This past year, anime companies have been claiming that fansubs are killing the anime industry as we know it in the US. The people involved with dubs are especially vocal about this, the producers, directors and actors, since it is their side of production that is most affected. Here’s a thought for these people; instead of crying doom and gloom for the anime industry, why don’t they try an area that fansubs CAN’T compete with them on? Audio Dramas based on manga.
Before the advent of TV, people used to listen to the radio, and in the US, this was the golden age of audio dramas. You could listen to programs from practically any genre, and even hear movies dramatized. While these died out in the US, elsewhere in the world, such as England and Japan, they remained popular. In England, Doctor Who was kept alive through audio dramas from Big Finish Productions, and they have expanded into several other science fiction and fantasy series’. In Japan, popular manga titles will get audio dramas that can sometimes lead to an anime (presumably if popular enough).
These audio dramas are sometimes original stories, and sometimes dramatizations of the manga, usually about an hour long. Manga titles tend to get this treatment most of the time, although sometimes popular anime will get them as well. Any genre can get this treatment, including BL. The strength of these is that the story and the acting has to be good to carry it. There are no pretty pictures to distract you. And there is no way to subtitle them. The only way for these to be successful is for them to be dubbed professionally. That’s where anime companies can come in.
Manga audio has only been dabbled with here in the US, with Tokyopop trying it a few times with some of their OEL titles. But, it doesn’t seem to have gotten anywhere, or Tokyopop dropped the ball (more likely), or both. But anime companies are in a unique position to pick these up. They already have the equipment, expertise, and the actors to do it. And it would be easier and faster to do in the long run since there is no lip syncing to do. Translations can remain more accurate. Picking titles to bring over would be easy since there’s plenty of data on what titles already have a fanbase. And I’ll bet the licensing of an audio drama would be a lot cheaper than an anime. There isn’t much of a demand for them at the moment.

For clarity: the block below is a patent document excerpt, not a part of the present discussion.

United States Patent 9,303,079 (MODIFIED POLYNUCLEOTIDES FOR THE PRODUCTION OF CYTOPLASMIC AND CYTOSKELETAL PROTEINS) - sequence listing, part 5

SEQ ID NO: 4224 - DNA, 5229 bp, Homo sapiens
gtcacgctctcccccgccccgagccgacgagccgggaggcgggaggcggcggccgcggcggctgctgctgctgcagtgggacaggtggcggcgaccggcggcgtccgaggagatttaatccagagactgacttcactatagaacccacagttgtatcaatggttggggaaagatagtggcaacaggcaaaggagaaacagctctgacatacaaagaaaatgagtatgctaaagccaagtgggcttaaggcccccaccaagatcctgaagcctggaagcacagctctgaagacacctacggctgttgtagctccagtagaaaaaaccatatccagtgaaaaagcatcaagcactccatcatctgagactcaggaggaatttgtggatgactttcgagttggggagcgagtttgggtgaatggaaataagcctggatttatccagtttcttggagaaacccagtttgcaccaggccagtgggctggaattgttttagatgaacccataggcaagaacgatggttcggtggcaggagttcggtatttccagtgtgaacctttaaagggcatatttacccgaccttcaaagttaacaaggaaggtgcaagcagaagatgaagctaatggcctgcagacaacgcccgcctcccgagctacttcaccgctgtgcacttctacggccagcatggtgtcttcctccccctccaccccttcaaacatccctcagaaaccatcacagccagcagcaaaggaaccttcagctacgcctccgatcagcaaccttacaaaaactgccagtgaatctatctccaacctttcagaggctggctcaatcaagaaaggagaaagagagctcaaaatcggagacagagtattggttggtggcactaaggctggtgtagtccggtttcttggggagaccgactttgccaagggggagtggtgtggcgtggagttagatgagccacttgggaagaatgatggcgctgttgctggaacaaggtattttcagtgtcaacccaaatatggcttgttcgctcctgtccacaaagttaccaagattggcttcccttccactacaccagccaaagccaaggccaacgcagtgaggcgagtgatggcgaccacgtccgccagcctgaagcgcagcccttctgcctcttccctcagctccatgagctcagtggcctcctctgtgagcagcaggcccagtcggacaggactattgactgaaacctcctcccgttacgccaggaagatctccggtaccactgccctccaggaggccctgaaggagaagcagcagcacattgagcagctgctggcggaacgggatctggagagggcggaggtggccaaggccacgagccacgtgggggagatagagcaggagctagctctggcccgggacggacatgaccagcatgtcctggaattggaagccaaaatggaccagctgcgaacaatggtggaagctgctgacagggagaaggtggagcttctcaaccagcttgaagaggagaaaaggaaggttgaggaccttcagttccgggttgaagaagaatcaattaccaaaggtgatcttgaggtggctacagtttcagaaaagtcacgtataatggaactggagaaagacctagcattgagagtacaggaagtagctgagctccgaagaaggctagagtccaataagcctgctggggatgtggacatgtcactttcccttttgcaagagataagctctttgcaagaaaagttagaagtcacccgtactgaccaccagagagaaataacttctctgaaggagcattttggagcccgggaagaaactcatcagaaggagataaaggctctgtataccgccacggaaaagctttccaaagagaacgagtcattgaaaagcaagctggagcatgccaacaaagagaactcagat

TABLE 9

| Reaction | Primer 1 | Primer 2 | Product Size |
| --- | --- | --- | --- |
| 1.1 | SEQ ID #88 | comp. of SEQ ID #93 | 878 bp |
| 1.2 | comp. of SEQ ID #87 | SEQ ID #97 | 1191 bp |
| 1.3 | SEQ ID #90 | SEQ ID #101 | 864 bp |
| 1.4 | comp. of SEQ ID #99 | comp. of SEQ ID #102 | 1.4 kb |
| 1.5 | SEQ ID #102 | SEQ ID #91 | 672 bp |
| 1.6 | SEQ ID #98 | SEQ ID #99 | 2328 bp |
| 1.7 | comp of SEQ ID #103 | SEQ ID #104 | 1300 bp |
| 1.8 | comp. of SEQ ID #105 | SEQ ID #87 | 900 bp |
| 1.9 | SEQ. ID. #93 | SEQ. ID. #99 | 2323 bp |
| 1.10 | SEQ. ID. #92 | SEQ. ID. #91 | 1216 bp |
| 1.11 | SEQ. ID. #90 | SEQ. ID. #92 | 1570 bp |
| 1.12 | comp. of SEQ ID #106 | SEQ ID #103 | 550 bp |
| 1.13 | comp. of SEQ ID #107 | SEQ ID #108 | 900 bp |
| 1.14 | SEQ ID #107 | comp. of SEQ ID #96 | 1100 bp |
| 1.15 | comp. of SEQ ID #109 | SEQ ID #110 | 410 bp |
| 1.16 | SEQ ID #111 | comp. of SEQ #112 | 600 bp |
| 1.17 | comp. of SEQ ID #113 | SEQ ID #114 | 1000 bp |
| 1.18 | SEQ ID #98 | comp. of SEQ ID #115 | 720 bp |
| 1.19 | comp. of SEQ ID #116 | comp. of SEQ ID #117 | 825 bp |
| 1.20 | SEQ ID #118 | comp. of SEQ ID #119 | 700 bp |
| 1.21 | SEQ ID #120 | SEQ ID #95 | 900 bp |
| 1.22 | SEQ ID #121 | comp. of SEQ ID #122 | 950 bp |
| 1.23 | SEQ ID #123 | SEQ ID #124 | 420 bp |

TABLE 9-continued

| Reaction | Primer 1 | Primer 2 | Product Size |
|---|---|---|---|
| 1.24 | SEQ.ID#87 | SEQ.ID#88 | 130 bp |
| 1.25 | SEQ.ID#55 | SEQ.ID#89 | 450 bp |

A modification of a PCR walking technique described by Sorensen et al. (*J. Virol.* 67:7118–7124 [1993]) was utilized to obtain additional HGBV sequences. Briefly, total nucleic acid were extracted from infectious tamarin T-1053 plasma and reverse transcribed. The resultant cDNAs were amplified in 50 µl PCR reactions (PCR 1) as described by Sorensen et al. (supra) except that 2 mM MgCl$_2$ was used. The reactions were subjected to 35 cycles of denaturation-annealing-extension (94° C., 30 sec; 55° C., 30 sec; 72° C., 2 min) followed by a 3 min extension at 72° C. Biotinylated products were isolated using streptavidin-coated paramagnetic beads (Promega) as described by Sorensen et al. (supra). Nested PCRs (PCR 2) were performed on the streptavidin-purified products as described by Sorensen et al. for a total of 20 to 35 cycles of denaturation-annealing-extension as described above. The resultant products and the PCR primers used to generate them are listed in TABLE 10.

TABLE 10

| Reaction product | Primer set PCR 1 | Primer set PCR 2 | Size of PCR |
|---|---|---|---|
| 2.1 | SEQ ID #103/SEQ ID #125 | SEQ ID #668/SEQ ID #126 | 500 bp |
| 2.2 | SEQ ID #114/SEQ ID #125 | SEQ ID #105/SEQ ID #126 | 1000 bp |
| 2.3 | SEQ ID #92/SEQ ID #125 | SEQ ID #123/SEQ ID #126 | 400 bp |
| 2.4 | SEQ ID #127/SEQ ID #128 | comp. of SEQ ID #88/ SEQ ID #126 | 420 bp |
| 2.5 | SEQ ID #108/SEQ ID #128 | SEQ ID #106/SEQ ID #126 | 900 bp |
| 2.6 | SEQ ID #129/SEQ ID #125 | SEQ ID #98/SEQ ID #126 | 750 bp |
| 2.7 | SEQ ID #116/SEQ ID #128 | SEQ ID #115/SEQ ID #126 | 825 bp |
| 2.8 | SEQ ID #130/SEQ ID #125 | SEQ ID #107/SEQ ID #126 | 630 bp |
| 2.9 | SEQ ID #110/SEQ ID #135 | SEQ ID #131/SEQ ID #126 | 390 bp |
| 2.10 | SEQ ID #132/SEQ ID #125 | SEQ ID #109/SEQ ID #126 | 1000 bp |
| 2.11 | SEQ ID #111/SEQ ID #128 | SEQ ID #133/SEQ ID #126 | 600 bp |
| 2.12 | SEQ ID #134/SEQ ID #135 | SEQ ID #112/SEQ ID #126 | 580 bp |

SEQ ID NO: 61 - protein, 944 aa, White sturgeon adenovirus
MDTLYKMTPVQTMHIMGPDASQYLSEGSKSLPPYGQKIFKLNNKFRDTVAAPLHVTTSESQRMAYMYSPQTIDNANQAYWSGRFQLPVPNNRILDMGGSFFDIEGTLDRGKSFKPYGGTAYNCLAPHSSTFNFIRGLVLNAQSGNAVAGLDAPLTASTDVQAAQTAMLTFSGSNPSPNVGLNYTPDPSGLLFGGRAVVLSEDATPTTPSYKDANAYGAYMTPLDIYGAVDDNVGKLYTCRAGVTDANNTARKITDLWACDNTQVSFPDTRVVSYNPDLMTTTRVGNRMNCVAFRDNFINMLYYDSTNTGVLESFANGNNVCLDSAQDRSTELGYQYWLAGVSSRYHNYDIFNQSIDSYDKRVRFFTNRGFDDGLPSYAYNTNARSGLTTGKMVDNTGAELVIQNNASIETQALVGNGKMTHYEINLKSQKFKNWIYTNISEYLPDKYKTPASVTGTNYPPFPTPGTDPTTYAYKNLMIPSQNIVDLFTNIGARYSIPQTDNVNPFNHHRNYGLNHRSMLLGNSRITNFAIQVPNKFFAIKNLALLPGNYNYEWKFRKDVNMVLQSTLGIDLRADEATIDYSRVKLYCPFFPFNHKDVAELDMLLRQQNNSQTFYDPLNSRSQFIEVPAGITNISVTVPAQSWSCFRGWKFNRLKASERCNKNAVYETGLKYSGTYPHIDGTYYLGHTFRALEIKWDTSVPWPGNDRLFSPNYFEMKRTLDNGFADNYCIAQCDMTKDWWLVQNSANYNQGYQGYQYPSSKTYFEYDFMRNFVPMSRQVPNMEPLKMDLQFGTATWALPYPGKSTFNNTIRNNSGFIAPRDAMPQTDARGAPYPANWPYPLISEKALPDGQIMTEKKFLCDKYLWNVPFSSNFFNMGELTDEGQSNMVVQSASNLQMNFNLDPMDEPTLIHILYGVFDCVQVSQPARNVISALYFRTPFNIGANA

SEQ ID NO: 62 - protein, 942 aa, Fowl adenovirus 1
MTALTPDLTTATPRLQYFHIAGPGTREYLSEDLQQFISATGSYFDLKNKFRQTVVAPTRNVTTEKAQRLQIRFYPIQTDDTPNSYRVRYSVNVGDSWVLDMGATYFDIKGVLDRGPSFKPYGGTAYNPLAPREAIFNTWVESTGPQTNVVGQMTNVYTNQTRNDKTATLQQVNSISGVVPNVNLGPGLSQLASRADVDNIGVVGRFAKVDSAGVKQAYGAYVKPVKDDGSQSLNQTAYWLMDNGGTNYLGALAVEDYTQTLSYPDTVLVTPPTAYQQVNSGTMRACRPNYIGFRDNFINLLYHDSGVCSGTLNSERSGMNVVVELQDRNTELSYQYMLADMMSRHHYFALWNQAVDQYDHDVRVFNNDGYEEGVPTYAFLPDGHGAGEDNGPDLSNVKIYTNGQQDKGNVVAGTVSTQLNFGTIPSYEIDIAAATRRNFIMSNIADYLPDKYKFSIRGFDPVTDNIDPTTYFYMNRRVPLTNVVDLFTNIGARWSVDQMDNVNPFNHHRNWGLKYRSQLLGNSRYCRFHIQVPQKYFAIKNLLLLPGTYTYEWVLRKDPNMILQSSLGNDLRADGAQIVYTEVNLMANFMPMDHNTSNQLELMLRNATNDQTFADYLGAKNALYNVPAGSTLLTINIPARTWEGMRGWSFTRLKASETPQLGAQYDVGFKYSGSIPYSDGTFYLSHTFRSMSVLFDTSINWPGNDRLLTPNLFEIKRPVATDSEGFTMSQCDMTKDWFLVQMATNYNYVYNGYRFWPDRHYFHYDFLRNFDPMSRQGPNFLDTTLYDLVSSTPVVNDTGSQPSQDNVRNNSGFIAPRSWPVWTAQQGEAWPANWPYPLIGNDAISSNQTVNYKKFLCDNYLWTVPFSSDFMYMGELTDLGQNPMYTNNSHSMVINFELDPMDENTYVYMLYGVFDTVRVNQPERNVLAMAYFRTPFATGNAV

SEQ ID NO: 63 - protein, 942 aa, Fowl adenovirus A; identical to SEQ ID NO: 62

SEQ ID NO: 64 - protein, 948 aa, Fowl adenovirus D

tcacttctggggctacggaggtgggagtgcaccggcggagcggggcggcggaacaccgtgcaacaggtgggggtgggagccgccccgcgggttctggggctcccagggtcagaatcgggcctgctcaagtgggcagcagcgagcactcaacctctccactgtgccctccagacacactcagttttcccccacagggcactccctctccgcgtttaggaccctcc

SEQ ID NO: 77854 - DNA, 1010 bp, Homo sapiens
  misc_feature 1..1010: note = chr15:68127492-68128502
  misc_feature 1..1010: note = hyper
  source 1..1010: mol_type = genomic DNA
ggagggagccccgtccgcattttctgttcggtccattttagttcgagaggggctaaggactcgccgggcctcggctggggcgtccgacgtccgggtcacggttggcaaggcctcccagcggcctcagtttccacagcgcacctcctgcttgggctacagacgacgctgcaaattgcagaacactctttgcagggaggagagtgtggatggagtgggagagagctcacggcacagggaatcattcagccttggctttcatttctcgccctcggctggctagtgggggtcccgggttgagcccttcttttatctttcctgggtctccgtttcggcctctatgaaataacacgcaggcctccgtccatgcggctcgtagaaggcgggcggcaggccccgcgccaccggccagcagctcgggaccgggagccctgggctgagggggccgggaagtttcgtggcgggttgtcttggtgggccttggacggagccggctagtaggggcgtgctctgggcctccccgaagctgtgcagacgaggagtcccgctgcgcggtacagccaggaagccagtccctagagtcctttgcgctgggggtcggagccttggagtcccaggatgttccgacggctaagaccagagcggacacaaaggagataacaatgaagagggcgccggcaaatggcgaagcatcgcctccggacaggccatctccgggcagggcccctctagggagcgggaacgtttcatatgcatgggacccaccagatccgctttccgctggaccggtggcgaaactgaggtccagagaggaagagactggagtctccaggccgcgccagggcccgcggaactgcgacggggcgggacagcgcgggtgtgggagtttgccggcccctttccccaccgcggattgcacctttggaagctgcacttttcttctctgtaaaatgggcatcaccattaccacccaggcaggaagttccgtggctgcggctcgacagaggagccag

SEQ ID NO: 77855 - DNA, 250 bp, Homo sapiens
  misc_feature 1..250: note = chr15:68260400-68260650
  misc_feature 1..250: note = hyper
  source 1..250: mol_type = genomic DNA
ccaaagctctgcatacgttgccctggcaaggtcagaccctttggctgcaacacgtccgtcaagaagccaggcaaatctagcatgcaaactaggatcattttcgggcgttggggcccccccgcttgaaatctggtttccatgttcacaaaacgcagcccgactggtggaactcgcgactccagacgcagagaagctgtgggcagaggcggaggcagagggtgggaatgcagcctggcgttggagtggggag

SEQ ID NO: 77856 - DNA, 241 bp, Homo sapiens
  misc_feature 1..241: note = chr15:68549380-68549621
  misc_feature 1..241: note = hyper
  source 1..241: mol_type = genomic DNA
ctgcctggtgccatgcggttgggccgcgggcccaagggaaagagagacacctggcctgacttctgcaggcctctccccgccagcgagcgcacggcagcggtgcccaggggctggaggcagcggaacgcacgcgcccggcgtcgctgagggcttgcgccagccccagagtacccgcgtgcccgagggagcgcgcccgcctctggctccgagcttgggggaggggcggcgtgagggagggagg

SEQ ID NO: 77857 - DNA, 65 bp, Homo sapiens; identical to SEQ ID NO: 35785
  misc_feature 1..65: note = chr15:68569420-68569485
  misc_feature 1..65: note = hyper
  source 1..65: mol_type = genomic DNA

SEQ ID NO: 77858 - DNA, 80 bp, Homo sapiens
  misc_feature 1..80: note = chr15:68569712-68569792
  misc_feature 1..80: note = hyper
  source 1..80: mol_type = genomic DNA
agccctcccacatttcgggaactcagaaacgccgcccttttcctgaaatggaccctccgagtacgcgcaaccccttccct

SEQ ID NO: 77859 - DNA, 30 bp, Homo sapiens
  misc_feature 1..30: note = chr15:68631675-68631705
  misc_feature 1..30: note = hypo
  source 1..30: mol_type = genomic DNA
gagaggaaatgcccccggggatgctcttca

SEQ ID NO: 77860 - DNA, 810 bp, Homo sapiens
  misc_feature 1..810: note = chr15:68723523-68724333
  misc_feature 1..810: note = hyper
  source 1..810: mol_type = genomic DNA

Marketing these would be very easy too. Manga and anime companies are already working together to cross-promote titles. Adding audio dramas shouldn’t be all that much more work. Selling them would be easy as well. itunes and Amazon already have well established stores they could be sold on. The popularity of audio books and podcasts make this a market that’s just waiting to be tapped. Especially since there isn’t a lot of merchandise for manga. Manga fans are always hungry for more stories about their favorite characters (hence the popularity of fan fiction and doujins). And if the same voice actors are used from an anime already available, it may create interest in the anime dubs as well as in the manga. This could be a win-win all around!
While I’m not personally interested in anime dubs, I would be willing to buy audio dramas of manga, especially if there isn’t an anime of it available. Audio dramas are not something that can be easily fansubbed and enjoyed. The whole reason for a dramatization is to be able to listen to the story without being tied down with reading. Whether you’re working, driving, or exercising, portable audio has become a popular way to pass the time. ipods, smart phones, and mp3 players have made it convenient and easy for people enjoy stories they wouldn’t be able to read otherwise.
For an industry that is worried about continued drops in sales and job loss, isn’t this a no-brainer?